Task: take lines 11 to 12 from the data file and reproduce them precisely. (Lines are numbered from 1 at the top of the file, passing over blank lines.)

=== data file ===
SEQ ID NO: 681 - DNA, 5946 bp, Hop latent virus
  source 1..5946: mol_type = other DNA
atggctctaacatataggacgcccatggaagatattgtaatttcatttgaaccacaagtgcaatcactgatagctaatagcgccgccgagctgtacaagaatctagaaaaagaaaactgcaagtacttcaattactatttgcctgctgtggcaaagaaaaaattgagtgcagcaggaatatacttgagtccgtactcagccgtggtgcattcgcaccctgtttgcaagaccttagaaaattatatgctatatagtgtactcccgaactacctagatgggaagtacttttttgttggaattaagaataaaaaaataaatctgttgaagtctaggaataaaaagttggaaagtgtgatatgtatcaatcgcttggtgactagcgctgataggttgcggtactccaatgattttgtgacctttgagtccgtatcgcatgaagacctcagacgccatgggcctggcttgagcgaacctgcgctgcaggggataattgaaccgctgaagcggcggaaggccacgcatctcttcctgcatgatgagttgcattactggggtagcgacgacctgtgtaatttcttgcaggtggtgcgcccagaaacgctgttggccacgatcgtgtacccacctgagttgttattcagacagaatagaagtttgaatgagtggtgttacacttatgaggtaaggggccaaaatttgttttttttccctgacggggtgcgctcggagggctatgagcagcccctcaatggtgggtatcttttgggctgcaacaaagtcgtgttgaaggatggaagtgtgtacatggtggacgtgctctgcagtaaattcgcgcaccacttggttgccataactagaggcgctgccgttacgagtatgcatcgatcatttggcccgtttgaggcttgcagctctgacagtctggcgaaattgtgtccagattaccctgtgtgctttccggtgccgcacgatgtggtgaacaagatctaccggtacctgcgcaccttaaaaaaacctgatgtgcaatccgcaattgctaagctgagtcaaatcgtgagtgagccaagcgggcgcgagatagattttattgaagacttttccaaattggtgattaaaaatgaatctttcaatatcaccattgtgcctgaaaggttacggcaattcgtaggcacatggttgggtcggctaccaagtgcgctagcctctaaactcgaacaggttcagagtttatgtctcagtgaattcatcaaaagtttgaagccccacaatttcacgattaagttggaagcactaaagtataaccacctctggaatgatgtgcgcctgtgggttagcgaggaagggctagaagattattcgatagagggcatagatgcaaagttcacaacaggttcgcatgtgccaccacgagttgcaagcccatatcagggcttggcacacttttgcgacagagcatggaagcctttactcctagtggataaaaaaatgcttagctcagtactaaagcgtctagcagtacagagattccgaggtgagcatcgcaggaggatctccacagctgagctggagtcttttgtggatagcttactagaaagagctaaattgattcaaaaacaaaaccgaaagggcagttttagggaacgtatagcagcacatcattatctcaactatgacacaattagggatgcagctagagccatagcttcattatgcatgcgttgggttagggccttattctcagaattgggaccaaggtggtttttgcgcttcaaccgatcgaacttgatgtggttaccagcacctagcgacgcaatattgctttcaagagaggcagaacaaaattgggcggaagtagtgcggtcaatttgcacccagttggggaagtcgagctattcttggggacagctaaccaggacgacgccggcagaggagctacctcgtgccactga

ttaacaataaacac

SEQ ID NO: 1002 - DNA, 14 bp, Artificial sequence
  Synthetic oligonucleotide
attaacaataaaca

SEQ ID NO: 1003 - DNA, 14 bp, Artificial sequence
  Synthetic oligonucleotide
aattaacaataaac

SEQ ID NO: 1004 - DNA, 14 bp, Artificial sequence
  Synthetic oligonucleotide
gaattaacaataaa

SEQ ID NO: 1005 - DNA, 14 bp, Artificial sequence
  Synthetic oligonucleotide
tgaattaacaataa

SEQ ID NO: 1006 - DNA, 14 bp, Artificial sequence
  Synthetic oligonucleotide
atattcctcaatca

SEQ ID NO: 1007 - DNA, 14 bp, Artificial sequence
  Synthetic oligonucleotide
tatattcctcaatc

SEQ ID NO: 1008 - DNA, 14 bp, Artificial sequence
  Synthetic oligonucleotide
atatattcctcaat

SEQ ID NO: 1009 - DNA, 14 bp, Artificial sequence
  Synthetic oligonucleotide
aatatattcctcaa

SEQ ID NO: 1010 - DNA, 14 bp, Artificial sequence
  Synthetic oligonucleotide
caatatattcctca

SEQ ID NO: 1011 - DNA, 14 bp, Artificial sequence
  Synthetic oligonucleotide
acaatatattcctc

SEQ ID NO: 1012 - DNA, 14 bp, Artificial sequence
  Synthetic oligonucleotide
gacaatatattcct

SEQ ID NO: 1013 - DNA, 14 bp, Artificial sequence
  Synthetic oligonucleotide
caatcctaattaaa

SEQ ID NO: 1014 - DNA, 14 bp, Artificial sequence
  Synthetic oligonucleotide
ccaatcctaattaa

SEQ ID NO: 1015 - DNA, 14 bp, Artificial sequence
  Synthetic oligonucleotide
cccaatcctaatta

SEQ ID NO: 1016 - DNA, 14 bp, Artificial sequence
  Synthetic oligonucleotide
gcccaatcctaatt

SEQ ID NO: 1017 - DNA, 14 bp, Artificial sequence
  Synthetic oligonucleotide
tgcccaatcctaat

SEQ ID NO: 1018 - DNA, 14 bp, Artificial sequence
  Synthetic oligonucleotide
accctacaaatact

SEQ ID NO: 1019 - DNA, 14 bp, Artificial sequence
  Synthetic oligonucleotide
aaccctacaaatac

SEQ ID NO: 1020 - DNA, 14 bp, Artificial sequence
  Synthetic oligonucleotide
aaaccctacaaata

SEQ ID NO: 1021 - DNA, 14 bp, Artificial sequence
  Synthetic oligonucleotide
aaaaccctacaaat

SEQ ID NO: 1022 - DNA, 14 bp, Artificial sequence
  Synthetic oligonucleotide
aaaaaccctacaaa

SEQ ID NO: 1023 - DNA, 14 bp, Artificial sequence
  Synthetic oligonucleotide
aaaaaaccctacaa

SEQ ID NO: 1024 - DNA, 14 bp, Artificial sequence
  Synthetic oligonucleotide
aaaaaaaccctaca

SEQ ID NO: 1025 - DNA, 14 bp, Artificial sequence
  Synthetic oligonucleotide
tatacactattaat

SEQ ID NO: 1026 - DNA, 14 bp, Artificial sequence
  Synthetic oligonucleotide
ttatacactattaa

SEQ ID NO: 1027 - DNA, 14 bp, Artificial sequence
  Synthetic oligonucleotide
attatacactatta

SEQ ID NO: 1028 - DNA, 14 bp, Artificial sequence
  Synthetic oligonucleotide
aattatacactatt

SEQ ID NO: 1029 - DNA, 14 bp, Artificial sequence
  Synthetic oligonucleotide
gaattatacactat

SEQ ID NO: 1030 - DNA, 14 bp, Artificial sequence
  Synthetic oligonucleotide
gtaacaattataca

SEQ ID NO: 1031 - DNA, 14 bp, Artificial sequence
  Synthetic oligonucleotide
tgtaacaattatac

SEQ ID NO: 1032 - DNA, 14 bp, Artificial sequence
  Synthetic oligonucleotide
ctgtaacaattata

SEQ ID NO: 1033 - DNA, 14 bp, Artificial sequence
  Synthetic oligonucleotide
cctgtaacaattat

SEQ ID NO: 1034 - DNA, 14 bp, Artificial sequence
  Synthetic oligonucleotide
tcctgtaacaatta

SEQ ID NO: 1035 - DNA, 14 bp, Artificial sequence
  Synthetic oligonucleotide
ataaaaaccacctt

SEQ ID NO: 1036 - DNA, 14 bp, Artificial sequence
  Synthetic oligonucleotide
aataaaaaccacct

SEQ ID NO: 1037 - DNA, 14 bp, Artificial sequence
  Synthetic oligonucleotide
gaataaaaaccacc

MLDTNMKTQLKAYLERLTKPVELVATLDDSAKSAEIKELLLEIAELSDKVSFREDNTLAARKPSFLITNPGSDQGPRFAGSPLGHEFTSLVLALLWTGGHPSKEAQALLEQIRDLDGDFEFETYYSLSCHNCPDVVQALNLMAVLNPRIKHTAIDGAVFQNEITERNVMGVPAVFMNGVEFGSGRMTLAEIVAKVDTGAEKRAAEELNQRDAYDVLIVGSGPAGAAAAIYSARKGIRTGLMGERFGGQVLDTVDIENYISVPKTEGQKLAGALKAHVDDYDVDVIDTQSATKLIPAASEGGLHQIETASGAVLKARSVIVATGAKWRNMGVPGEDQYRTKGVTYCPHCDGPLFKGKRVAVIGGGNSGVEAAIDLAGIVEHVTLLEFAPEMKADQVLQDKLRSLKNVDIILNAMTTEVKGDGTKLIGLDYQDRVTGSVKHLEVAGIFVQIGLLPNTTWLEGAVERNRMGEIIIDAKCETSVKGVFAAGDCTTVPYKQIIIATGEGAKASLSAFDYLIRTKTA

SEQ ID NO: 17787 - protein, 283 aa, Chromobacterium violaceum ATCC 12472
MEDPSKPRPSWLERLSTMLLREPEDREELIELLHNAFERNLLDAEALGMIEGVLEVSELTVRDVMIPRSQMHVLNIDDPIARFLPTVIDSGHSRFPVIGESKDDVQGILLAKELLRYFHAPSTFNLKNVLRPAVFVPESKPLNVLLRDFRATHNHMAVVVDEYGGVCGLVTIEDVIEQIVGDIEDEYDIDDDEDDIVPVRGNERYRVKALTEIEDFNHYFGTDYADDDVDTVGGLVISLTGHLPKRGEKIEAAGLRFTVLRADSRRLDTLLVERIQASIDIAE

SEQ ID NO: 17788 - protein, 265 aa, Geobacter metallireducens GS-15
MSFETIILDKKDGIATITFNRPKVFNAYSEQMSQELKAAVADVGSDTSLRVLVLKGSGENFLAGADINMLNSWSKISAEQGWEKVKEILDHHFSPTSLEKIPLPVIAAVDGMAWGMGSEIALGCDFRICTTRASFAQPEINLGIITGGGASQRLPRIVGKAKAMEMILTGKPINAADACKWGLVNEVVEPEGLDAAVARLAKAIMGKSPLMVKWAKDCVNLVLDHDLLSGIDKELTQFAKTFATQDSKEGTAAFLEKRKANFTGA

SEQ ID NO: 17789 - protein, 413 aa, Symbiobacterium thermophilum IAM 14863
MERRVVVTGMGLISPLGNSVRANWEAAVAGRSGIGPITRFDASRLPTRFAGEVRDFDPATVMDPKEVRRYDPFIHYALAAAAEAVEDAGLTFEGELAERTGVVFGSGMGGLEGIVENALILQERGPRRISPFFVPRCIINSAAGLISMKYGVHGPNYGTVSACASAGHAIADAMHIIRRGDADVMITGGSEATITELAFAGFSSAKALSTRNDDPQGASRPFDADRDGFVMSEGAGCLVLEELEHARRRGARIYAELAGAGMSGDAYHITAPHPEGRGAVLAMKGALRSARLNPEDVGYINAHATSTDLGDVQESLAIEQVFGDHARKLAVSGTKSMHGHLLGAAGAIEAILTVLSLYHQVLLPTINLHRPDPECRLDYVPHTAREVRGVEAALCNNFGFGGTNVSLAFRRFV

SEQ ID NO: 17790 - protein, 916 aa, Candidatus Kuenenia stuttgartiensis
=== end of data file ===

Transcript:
SEQ ID NO: 1004 - DNA, 14 bp, Artificial sequence
  Synthetic oligonucleotide